Here in the U.S., ciabatta has become the quintessential Italian bread. Characterized by a crisp, flour-dusted crust, a holey interior and a rustic, “slipper-like” shape, ciabatta is ideal for dipping into any one of a number of wonderfully aromatic, herb-infused olive oils. When sliced horizontally, it also makes great sandwiches, the holey crumb providing deep pockets to hold a favorite condiment or dressing.
Ciabatta is made from a high hydration dough, typically upwards of 70%. The formula used here has a hydration of 76%. Although I am a huge proponent of hand mixing because of its ability to provide superior gluten development over conventional home stand mixers, very high hydration doughs can be difficult to properly mix by hand. Because of this, I decided to see how the technique of “double hydration” would work for hand mixing. In double hydration, the dough is first mixed with only enough water to bring it into the range of a conventional hydration (e.g. 60-69%). After the gluten has been sufficiently developed, the remaining water is added and mixing is continued until full incorporation of the added water. In this way, the more difficult process of sufficiently developing gluten in a very wet dough can be avoided.
The formula and procedure described below has been adapted from Advanced Bread and Pastry: A Professional Approach by Michel Suas.
- 190 g Heartland Mill All-Purpose Flour
- 190 g Water
- 1/8 tsp. Instant Yeast
- 310 g Heartland Mill All-Purpose Flour
- 190 g Water
- 10 g Salt
- 1/8 Tsp. Instant Yeast
- 15 g Olive Oil
- 380 g (all of the above) Poolish
The night before baking, the poolish is made by mixing the flour, water and yeast until all the ingredients are well incorporated. The poolish is then covered with plastic wrap and allowed to sit at room temperature overnight until mature, about 12 hours.
The next day, all of the poolish is added to only 140 g of the full 190 g of water (the remaining 50 g of water is set aside for later use). The olive oil is then added and a whisk is used to obtain a homogeneous mixture. The flour, yeast and salt are then added and the mixture is stirred with a dough whisk until all the flour is hydrated. The resulting mixture is turned out onto a mixing suface and the dough mixed by hand (Musings on Mixing…) until moderate gluten development, about 10 minutes. The dough is then placed back in its mixing bowl and the remaining 50 g of water are added. The water is incorporated by using a hand to continually fold the dough over on itself. This took an additional 5-10 minutes. The resulting very fluid dough was then poured into an oiled container, covered and allowed to ferment for 3 hours. During this time, the dough was folded at the 1 and 2 hour marks using the procedure shown on the video here.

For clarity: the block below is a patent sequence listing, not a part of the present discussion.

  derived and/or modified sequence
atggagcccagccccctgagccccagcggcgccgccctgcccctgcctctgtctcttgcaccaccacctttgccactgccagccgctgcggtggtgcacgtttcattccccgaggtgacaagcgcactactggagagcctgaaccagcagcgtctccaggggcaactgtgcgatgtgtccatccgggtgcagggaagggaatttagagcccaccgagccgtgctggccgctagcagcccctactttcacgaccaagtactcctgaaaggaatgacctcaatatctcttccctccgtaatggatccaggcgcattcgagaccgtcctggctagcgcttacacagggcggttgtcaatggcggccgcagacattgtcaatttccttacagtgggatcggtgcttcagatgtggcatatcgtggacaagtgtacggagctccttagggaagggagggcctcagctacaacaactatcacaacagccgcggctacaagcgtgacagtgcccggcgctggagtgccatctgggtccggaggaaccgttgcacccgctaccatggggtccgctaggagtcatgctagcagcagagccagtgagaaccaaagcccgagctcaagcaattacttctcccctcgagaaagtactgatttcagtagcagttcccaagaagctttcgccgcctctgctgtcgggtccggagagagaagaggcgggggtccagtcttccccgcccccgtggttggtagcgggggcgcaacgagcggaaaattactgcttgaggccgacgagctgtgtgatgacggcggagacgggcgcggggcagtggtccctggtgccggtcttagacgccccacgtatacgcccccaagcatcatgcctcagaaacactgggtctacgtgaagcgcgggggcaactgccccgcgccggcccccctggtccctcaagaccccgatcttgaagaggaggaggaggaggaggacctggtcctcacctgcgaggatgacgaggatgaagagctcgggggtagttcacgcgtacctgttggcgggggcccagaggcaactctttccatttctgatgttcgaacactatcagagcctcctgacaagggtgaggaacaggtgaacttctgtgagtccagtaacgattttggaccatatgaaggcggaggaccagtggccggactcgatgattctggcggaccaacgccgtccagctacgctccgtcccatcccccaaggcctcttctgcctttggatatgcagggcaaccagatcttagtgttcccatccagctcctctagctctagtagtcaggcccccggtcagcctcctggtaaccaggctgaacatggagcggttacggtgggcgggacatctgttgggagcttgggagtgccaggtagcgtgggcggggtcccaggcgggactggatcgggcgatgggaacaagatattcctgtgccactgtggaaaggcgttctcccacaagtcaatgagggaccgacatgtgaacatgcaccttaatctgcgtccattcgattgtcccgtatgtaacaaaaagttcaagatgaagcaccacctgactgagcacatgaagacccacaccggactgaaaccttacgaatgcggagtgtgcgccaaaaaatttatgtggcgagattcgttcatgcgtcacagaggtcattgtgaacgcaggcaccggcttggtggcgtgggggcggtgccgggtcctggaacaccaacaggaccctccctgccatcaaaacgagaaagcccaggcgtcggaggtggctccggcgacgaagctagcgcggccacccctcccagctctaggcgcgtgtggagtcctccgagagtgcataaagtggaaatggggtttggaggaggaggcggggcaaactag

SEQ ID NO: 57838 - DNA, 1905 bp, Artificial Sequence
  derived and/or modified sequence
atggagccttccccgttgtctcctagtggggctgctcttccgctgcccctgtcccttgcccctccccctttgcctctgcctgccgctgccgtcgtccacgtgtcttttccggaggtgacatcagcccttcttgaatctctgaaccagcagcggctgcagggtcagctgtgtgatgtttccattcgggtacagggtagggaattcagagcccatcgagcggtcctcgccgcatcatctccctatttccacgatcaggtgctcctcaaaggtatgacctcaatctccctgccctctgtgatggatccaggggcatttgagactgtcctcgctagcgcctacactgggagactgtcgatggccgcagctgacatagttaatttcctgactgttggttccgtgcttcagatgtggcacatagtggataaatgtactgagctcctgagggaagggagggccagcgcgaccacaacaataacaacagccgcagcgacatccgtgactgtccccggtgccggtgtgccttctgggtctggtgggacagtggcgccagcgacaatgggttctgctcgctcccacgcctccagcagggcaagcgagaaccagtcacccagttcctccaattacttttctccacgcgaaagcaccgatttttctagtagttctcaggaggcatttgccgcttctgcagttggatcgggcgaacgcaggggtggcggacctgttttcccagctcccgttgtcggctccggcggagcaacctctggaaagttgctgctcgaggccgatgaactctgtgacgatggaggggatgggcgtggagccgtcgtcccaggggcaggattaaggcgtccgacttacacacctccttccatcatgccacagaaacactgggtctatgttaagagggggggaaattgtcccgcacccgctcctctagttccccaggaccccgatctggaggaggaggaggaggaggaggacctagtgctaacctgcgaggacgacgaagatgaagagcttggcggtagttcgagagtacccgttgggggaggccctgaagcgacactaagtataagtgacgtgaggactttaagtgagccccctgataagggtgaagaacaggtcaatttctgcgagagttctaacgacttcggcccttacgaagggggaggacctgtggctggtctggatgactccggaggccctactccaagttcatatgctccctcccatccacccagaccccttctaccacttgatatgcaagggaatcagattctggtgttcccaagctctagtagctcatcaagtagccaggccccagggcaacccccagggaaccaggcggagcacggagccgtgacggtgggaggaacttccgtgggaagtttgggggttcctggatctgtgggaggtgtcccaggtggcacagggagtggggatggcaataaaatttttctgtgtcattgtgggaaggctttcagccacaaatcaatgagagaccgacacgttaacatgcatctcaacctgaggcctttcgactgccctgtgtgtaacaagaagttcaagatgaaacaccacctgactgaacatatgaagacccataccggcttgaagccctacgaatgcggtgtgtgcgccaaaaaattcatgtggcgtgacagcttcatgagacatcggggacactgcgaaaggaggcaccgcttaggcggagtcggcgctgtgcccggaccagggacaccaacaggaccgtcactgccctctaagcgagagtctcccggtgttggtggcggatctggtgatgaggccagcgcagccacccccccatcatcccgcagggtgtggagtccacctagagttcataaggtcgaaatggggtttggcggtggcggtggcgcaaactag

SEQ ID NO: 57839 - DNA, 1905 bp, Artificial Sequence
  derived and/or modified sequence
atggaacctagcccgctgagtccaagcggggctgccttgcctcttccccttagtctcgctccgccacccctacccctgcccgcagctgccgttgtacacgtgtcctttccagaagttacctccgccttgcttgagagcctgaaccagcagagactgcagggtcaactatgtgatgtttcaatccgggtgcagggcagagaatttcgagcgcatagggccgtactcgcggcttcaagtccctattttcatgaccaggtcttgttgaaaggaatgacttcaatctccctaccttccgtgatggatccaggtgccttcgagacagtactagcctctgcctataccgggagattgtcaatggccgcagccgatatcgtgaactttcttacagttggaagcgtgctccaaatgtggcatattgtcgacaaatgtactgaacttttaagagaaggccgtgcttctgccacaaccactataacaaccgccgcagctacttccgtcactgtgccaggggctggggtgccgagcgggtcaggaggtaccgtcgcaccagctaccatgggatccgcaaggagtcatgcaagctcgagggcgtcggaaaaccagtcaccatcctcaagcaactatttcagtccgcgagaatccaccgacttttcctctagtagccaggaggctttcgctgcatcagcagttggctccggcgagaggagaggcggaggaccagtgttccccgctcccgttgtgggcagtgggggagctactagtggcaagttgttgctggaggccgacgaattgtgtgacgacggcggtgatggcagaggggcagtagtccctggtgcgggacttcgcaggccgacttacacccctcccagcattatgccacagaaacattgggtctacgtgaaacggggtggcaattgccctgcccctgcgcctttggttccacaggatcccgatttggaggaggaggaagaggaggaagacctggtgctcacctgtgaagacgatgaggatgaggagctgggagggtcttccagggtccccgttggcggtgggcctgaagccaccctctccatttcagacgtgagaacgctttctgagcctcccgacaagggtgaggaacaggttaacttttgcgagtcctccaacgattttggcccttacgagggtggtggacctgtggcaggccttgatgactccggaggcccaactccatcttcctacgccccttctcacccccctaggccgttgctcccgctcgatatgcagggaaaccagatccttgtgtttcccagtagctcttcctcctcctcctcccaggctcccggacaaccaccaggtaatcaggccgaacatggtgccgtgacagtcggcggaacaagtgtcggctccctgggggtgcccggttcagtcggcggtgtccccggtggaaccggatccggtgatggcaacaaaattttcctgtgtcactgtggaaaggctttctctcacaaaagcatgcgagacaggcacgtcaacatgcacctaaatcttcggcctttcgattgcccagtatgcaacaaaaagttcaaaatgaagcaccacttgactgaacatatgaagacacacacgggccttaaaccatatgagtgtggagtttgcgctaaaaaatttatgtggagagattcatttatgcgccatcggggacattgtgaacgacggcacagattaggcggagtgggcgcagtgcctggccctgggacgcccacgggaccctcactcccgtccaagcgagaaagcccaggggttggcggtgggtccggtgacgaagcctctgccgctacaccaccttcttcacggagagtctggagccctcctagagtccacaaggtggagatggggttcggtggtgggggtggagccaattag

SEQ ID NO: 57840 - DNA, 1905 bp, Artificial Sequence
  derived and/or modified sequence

After the 3 hours are up, the dough is turned out onto a well-floured surface and is divided in half. Each dough piece is then given a half fold (left to center, then right to center), placed folded side up on a well-floured couche and covered. After a 40 minute second fermentation, the dough pieces are gently flipped onto a peel and loaded into an oven pre-heated to 450°F. The pieces are baked at 450°F for 35 minutes, under steam for the first 15 minutes of baking.